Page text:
It's tough when you're rich - and it's getting tougher.

That's according to research from the Queen's bank, Coutts, which says the trappings of luxury are becoming ever more expensive for the UK's wealthiest individuals. A study of the spending habits of 14,000 holders of the bank's exclusive World Card - those with a minimum of £5 million in property and savings - found inflation on premium goods and services running at 9.5 per cent in the past year.

This is more than four times higher than the official Consumer Prices Index inflation, which currently stands at 2.1 per cent.

Coutts' first Wealth Inflation Index shows the price of luxury men's watches soaring 39 per cent to £9,750, with a top of the range Sony laptop up 25 per cent to £1,399.

Meanwhile the cost of a two-course meal for two at London's upmarket Le Gavroche restaurant is now five per cent higher than a year ago at £168 and the price of a Steinway grand piano has risen 3.5 per cent to £95,550.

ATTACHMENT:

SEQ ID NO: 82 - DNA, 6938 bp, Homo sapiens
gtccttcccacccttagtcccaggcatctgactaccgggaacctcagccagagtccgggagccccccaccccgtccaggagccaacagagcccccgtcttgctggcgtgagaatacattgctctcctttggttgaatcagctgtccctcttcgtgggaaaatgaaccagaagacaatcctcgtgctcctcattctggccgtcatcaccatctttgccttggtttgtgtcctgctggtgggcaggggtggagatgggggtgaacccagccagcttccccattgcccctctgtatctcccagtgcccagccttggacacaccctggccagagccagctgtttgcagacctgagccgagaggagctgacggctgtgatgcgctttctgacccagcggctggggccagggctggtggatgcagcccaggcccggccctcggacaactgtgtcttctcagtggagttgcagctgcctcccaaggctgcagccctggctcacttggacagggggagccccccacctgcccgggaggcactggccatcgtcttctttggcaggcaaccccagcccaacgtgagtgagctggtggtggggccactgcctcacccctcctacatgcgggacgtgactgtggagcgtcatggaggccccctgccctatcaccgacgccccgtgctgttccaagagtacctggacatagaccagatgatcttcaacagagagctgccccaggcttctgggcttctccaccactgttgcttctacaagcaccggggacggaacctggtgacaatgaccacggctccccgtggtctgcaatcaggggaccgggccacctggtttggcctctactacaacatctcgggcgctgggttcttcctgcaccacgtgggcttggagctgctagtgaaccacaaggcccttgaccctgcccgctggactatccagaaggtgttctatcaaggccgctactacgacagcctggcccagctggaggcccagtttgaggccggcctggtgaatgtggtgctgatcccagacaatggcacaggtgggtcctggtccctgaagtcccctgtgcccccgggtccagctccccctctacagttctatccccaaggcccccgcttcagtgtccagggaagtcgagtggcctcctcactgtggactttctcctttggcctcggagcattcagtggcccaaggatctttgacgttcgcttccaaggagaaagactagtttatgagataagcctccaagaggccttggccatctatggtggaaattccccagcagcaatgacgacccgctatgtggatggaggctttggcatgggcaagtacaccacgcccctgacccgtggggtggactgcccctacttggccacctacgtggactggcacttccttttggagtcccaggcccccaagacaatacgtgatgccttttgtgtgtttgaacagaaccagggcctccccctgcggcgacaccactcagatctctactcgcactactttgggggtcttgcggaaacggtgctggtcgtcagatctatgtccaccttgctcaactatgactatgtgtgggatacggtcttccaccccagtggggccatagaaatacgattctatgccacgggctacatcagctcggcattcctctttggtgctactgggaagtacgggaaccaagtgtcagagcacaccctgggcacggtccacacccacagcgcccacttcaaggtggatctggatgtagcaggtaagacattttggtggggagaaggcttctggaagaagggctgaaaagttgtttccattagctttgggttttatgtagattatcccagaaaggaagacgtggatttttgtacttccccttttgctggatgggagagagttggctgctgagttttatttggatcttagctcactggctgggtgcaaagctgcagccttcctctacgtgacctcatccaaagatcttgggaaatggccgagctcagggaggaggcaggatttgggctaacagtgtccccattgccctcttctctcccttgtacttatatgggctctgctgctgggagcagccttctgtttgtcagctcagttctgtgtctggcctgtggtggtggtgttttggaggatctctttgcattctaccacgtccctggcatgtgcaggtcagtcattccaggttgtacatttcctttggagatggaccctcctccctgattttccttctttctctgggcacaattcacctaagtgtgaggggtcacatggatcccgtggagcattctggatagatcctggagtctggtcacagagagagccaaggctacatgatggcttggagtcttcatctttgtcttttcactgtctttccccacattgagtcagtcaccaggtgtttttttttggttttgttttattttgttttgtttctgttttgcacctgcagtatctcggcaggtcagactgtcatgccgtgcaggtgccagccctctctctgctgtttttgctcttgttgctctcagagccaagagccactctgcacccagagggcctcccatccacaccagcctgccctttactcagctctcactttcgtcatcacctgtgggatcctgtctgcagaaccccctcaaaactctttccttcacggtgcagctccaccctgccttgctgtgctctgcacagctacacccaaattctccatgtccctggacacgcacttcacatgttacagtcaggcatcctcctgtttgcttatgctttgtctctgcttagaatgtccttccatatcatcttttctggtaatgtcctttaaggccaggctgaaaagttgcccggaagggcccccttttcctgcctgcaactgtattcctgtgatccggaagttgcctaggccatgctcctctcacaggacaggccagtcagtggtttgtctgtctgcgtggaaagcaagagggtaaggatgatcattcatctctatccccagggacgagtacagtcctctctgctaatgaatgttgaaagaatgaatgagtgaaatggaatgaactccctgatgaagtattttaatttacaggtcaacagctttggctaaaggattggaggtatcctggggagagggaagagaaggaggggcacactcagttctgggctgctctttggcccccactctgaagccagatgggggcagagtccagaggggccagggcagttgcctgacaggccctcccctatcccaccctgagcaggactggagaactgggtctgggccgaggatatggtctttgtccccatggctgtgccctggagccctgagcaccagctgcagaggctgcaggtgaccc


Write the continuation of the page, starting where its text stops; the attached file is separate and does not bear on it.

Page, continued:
Stephen Blackman, senior economics adviser at Royal Bank of Scotland - owner of Coutts - said: "We often hear about large rises in wealthy households' incomes, but less is known about the expenditure side of the equation.

"The prices of luxury goods and services are rising at such a rapid rate that nominal increases in income may overstate the increase in their real purchasing power."

Jewellery has also soared 25 per cent in the past year - thanks to record gold prices - while school fees have increased seven per cent.

The Coutts study found the wealthiest individuals spent an average of more than £12,300 a year on recreation - more than three times the UK average.

Eating out in restaurants accounted for more than four times the national average at £8,045, according to the bank.

Coutts' marketing and business development chief Perry Littleboy added: "The initial findings clearly demonstrate that high net worth individuals are experiencing a higher rate of personal inflation than that of the general UK population.

"With annual expenditure rising at such high rates among wealthy households, they should be aware of the impact this can have."